Let’s get to it:
NICK ARDIZZONE FROM ALTOONA, PA: After a bye week, have the Steelers won or lost more games?
ANSWER: The NFL reinstituted the concept of the bye week in 1990, and in 1993 there were two bye weeks. In the games immediately following a bye, the Steelers are 17-12 (.586). By coach, it breaks down this way: Chuck Noll was 1-1 (.500); Bill Cowher was 9-7 (.563); and Mike Tomlin is 7-4 (.636).
BRAD SOMMER FROM PITTSBURGH, PA: At a local watering hole, a debate came up among us regulars about all-time great Steelers. The question was: Who is the "greatest" Steelers player whom the team did not draft? The general opinion was Jerome Bettis, but after that the conversation was more contested. I made an argument for James Farrior. You know this team and this franchise as well as anyone; who would your pick be?
ANSWER: There are different categories of players who were not drafted – players acquired via trade, players who join the team as undrafted rookies, players who were cut by another team and then sign with the Steelers, and players who are signed as unrestricted free agents. In the players acquired via trade, I would go with Jerome Bettis and Bobby Layne, both in the Hall of Fame, with Bettis spending more of his career in Pittsburgh than Layne. The list of undrafted rookies has to include Donnie Shell, James Harrison, and Willie Parker. Examples of players signed after being cut by another team are Gary Anderson and Al Villanueva. And in the category of unrestricted free agents signings, there is James Farrior, Kevin Greene, and Jeff Hartings. Since I’m not sure how you’re categorizing the debate, I’ll go with Bettis via trade, Harrison as the undrafted rookie, Anderson as the guy cut by a previous team; and Farrior as the top UFA signing.
BRYAN WINKLER FROM MIDDLETOWN, PA: If a team opts to go for either a PAT or a 2-point conversion, and there is a penalty on the resulting play that causes it to be tried again, can they switch from one to the other?
STEVEN DONER FROM EAST PALO-ALTO, CA: In my opinion, Jack Lambert was the greatest linebacker ever. A friend of mine says Lawrence Taylor was the greatest linebacker ever. What do you think?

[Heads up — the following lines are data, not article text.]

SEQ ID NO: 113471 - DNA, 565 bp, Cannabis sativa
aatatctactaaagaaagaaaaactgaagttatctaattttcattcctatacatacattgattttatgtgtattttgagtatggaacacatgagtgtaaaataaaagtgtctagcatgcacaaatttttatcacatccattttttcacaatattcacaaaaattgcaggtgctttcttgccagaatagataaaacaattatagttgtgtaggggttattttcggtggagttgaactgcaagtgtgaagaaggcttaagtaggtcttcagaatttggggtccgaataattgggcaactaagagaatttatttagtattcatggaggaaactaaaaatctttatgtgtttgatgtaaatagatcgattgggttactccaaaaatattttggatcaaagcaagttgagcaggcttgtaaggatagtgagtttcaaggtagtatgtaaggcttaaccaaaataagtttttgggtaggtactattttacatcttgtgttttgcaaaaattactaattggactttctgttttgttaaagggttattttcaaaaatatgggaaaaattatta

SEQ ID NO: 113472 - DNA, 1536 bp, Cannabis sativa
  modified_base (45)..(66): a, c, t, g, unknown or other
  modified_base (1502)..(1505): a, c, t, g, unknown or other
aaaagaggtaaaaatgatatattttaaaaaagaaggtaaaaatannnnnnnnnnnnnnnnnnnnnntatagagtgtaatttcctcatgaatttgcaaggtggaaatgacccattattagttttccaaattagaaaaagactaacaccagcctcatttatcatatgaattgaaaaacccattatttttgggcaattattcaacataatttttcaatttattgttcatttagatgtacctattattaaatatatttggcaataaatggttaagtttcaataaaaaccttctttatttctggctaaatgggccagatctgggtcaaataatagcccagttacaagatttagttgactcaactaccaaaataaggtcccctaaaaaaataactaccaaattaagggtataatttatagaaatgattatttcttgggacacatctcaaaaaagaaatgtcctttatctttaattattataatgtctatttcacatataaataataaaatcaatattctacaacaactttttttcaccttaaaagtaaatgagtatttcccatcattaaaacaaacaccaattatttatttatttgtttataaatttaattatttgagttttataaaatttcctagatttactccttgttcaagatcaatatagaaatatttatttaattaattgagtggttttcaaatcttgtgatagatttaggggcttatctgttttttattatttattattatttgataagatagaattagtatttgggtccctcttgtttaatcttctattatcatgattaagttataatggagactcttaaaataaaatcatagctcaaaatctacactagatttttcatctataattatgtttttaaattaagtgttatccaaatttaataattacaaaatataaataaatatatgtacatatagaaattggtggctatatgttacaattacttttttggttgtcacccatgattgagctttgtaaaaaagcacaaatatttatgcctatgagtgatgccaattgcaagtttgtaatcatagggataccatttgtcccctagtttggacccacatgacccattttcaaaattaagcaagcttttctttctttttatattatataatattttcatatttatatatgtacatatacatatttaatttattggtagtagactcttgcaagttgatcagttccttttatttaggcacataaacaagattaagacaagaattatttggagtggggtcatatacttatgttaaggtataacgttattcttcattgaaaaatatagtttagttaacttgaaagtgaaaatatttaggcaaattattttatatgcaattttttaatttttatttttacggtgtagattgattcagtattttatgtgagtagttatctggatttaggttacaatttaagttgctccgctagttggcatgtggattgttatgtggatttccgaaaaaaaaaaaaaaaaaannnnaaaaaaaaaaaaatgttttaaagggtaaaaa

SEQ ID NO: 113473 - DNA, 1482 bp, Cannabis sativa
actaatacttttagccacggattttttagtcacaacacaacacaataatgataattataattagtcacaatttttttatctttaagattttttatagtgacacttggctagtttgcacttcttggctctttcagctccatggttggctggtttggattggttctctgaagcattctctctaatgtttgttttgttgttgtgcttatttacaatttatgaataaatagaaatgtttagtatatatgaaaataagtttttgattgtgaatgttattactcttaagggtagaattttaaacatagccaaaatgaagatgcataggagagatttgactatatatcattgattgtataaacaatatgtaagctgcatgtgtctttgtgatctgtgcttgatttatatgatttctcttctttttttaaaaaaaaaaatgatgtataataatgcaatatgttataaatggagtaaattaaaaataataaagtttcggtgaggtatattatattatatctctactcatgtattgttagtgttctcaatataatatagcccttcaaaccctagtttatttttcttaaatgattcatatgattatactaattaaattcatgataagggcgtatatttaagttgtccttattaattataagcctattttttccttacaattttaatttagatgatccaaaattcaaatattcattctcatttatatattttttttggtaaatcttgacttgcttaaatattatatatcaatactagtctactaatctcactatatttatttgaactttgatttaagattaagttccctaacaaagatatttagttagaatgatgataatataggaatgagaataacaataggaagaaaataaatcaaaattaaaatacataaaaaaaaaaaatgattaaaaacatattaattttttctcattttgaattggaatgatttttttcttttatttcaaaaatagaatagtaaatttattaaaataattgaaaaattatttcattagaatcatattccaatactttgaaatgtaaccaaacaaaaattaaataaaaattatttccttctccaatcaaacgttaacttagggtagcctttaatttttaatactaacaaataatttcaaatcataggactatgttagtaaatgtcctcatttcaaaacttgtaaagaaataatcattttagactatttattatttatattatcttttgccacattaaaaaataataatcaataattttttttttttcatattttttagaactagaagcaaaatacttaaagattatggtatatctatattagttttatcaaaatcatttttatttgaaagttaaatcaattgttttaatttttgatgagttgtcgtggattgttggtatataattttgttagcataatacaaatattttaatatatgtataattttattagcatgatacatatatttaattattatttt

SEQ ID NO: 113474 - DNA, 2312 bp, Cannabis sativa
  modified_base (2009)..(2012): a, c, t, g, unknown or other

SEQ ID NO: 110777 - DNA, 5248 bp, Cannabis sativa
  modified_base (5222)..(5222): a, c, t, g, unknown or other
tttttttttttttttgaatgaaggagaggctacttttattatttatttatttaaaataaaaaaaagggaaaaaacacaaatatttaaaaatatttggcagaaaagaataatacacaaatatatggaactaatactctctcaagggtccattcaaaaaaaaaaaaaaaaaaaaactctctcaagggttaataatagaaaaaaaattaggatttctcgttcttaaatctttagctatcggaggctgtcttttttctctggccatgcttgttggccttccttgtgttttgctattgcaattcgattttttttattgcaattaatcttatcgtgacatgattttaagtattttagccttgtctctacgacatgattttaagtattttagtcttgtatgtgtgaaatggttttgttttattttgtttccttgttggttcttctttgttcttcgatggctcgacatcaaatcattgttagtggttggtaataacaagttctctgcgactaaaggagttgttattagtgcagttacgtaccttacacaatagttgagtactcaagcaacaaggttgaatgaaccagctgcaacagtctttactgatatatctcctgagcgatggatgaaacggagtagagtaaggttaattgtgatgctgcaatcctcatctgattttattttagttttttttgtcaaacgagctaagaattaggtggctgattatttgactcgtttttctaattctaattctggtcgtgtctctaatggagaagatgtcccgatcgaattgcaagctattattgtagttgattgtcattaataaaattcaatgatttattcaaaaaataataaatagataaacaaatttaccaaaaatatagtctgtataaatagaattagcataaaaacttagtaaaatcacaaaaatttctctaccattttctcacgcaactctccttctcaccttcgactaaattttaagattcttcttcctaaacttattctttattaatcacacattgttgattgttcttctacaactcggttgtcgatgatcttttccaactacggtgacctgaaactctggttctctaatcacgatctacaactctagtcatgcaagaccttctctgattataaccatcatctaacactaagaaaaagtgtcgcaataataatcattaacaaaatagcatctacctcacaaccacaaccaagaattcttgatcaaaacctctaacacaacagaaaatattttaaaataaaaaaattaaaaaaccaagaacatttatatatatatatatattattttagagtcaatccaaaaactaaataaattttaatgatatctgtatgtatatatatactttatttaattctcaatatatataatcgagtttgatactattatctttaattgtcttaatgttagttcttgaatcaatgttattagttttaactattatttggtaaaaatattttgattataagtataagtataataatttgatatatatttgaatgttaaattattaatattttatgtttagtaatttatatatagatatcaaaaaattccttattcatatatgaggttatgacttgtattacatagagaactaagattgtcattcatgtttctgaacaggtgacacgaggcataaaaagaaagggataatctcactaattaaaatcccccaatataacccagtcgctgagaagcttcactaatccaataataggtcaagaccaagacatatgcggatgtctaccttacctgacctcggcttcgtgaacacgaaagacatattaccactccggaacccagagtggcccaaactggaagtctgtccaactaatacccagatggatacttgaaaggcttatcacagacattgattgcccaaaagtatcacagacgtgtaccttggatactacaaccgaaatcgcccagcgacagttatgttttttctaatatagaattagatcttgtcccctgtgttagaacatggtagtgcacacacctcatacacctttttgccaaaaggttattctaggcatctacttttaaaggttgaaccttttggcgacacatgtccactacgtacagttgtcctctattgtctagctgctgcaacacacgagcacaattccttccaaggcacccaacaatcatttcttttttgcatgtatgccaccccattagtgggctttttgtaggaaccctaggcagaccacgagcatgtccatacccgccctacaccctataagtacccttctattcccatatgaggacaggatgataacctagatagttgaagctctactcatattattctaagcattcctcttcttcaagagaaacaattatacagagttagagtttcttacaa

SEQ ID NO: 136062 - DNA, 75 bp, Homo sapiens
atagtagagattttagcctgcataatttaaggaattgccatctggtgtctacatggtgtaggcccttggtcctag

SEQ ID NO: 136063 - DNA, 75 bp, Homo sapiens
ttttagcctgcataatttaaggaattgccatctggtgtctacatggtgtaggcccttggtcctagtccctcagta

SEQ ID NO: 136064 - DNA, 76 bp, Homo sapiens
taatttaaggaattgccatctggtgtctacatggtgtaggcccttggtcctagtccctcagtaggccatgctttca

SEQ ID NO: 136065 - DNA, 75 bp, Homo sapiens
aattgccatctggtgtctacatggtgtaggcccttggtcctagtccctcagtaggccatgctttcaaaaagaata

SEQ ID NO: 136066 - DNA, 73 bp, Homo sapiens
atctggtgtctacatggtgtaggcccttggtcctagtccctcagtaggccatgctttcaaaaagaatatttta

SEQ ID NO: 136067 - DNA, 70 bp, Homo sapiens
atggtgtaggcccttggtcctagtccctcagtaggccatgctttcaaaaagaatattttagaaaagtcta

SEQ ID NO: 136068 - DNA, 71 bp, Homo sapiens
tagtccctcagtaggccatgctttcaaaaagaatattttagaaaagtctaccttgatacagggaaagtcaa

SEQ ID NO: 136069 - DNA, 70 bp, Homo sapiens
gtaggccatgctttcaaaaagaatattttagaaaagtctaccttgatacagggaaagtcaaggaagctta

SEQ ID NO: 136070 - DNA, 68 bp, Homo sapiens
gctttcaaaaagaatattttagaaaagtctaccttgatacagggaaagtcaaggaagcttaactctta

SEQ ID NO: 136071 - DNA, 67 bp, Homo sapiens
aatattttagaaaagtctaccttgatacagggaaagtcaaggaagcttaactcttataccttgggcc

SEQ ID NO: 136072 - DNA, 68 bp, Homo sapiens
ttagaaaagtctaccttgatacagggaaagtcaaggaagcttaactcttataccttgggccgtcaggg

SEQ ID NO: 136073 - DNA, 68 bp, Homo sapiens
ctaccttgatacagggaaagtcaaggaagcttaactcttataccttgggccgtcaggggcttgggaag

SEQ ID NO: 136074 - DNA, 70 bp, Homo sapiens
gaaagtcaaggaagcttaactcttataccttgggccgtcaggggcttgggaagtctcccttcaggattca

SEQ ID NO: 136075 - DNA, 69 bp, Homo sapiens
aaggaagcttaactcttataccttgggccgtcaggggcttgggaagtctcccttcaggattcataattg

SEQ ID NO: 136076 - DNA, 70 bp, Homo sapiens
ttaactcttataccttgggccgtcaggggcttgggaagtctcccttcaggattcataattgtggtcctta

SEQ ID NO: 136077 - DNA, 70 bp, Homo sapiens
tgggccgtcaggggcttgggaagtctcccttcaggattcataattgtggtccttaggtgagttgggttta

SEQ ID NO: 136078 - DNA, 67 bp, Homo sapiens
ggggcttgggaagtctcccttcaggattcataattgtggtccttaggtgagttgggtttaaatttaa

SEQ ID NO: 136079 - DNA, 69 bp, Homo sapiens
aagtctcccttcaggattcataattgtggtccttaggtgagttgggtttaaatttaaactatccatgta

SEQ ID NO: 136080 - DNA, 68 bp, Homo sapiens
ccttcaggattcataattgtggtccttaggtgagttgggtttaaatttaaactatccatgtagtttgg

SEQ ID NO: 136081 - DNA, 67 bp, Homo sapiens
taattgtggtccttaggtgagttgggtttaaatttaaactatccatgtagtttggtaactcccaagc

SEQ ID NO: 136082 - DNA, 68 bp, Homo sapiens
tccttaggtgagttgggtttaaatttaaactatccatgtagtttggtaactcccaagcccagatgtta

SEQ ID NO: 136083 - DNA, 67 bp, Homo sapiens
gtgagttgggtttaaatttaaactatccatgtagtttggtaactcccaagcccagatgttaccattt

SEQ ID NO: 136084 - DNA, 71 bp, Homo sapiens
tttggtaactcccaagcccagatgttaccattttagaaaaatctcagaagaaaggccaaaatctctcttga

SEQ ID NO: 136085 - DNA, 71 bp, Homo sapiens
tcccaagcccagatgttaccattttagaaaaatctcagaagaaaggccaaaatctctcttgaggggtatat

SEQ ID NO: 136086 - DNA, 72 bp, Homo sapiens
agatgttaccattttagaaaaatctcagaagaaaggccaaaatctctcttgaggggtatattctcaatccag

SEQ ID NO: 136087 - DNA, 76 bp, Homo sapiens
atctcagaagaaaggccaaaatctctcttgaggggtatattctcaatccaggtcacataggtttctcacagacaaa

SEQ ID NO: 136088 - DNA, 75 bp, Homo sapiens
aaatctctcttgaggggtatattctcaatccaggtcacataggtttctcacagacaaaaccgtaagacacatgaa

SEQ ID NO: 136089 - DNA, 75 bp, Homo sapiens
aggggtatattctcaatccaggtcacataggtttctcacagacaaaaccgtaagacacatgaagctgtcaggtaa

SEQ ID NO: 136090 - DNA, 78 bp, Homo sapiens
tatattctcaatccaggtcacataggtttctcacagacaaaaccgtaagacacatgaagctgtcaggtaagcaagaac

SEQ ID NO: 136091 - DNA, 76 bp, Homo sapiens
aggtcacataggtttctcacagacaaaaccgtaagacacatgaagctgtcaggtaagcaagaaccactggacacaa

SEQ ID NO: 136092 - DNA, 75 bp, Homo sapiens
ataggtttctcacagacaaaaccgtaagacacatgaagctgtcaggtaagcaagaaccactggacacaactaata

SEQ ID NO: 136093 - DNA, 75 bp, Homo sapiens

ANSWER: Since we’re dealing in opinion, mine is that Jack Ham was the greatest linebacker in Steelers history. Ham finished his career with 53 takeaways (32 interceptions and 21 fumble recoveries) to Lambert’s 45 takeaways (28 interceptions and 17 fumble recoveries). Each player was voted first-team All-Pro six times. One thing I see in Ham’s favor is that in 2013, the Pro Football Hall of Fame selected its 50th Anniversary All-Time Team, and the outside linebackers were Ham and Lawrence Taylor, and the middle linebacker was Dick Butkus. The following was written in support of Ham’s selection: “Smart, instinctive, great football IQ. Ham was a sure tackler who could diagnose plays very quickly, and he was also able to handle the quickest of backs in coverage. The 1970s was the decade when running backs really started to get involved in the passing game, eventually giving rise to the third-down back. Ham could handle them all. It is said that, from zero to 10 yards, Ham was faster than any other Steeler. There were those within the organization who felt that he was the club's best player. Ham certainly belonged in that conversation with "Mean" Joe Greene, as he also played an integral role on the four Super Bowl-winning teams of the 1970s. Ham's 53 career takeaways remain the highest figure ever by a non-defensive back.” With that point made, I would rate Taylor over Ham, which automatically puts him above Lambert.